When you’re considering outsourcing some of your business processes to a third party, it’s not unusual for your leadership team to be excited about the shift. But it’s also just as common for the rest of your employees to feel some hesitation, or even downright resistance, to such a change. Whenever you make a move that impacts your personnel, it’s in everyone’s best interest to work through these roadblocks and be intentional about getting everyone on the same page. Unsure how to do this? Here are a few ideas.
Lead With Transparency
Sometimes the bulk of the hurdles you encounter are simply due to misconceptions and misunderstanding. When someone hears the word “outsourcing,” they might mistakenly think that their own job is on the chopping block or that you’re simply looking for cheaper labor. But the reality is far different. In fact, one of the primary reasons a company may choose to outsource some key business functions (like customer service) is because they want to be able to focus on their core competencies.
To that end, outsourcing can be thought of as a way to improve time management, in that it can allow your employees to spend their time on the areas in which they can really make a difference. Furthermore, it helps your business run more smoothly since executives and managers won’t have to plan around employees’ vacations and sick time. There will be enough support staff involved that there will always be a backup when needed.
Be honest and relay all of these key points to your team members. Explain to them, upfront, that outsourcing some processes can free them up to concentrate on their strengths and allow your business to operate more seamlessly. This will not only strengthen each of you as individuals, but also the company as a whole.
Beyond understanding some of the nuances that accompany outsourcing, it can be helpful to explain its role in the greater business environment. Outsourcing certain business processes, especially technical support is a widespread practice. When you talk with your employees about the areas you’ll be outsourcing, bring some contextual information with you. Explain how many other businesses like yours follow similar practices, what your BPO partner in particular has been able to achieve for their clients and what your engagement with them is structured like.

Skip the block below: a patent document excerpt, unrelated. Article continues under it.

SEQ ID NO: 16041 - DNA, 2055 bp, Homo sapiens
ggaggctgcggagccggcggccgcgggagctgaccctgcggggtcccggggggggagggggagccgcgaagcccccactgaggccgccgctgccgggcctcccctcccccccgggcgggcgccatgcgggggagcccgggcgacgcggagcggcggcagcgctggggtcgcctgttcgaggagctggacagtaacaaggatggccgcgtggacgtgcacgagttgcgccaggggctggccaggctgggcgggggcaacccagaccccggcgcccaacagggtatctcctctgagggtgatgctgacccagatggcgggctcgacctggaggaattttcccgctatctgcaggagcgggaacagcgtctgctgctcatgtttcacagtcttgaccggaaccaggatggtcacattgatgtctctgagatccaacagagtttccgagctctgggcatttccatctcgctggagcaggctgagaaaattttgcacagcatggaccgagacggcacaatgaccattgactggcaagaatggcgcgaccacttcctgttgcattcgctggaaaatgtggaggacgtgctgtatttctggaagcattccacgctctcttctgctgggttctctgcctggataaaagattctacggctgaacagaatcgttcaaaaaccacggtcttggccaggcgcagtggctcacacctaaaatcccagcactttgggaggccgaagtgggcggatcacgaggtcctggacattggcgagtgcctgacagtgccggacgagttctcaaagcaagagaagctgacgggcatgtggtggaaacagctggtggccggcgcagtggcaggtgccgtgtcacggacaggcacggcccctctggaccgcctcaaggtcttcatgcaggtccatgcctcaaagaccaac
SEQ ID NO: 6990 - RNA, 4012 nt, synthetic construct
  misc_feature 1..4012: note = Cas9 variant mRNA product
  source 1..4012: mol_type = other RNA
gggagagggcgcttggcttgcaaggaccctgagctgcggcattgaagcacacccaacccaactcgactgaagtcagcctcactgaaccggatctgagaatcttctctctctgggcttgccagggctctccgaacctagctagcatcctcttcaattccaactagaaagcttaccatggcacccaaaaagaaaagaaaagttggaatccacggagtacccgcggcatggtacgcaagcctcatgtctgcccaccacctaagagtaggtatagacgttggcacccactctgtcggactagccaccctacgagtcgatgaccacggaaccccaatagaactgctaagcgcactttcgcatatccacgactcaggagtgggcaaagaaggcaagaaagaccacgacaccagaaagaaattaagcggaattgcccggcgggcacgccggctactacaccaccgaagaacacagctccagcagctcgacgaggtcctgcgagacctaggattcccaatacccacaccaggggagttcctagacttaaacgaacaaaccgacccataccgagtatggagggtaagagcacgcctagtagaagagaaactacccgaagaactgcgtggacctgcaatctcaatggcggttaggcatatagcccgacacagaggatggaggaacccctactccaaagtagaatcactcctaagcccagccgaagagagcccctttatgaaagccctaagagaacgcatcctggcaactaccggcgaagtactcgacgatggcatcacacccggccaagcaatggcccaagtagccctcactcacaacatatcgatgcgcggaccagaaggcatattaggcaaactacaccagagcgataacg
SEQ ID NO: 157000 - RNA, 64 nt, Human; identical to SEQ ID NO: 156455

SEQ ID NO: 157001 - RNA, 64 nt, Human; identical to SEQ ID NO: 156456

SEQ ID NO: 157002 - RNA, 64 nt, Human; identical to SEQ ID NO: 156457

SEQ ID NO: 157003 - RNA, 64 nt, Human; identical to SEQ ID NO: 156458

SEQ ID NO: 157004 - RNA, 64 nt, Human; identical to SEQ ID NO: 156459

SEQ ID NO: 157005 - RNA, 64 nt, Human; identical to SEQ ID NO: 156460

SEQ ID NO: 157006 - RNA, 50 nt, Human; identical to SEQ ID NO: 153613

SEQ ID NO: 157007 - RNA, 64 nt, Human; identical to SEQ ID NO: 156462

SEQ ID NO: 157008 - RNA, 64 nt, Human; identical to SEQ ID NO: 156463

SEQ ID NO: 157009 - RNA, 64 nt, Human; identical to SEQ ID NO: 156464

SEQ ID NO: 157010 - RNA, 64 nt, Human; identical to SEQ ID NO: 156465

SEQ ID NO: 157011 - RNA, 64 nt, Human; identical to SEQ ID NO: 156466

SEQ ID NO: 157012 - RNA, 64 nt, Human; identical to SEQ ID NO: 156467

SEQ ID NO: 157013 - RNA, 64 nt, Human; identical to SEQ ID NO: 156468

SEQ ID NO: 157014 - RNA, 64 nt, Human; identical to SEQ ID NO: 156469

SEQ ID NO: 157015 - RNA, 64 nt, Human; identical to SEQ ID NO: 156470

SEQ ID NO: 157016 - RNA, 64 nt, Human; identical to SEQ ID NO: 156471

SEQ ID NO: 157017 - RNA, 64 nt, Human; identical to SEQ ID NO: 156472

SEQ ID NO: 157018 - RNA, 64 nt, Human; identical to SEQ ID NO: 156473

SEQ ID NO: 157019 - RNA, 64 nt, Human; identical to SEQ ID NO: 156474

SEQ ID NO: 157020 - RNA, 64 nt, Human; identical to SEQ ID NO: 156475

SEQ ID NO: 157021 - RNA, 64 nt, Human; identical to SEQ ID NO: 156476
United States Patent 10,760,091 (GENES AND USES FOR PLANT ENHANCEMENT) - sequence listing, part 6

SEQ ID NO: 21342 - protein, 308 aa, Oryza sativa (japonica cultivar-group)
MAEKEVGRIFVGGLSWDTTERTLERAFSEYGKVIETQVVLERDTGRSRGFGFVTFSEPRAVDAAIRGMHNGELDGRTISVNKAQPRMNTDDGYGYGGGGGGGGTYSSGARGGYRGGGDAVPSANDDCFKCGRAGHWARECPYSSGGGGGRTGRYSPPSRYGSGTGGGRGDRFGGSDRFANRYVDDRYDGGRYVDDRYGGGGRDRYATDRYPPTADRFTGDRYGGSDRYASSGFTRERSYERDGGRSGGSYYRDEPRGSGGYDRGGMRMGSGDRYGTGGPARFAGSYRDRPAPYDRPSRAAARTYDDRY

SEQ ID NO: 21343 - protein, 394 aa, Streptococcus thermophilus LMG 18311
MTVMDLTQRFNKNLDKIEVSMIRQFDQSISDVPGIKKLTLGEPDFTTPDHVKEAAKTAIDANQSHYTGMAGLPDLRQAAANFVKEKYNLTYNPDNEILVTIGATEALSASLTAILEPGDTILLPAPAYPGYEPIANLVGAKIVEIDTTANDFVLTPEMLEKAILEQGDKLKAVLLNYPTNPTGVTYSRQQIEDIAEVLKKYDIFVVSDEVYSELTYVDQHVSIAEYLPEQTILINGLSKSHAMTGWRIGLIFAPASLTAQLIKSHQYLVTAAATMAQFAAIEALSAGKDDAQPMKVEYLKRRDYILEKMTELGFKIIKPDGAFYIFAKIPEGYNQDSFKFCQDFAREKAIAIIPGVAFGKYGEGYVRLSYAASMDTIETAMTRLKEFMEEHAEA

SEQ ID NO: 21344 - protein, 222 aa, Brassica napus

The more light you shed on the normalcy of outsourcing, and the more open you are about the details of the agreement with your outsourcing provider, the more likely you’ll win over your employees to the idea. A little context can go a long way.
Reaffirm Your Vision
In the spirit of giving your employees some perspective, right before you engage in outsourcing is an opportune time to paint the picture of where the company is headed. Even if you regularly share revenue goals or customer count aspirations with your team, they may still feel a little rudderless. The executive team usually knows exactly why certain decisions are being made, and how each bubbles up to move the business forward toward the big-picture goals, but the average employee likely does not.
When you begin the conversation about outsourcing, use it as a jumping off point to remind everyone on your team about your company’s mission and vision. Be descriptive, and invite your employees to dream with you and envision your business reaching the highest pinnacle any of you can imagine. Then be sure to tie in how outsourcing is going to help you get there, and how it’ll likely impact each one of them.
Outsourcing business services (like IT support, customer support and more) can do a lot for your business in terms of time management and cost reduction. But it’ll help you grow a lot more fluidly and effectively if your entire team is on board with the change. Remember to be honest above all else when communicating about your outsourcing plans, provide context and invite your team members to get excited with you about where the company is ultimately heading. Contact us if you’d like information about our services or if you have any questions about outsourcing.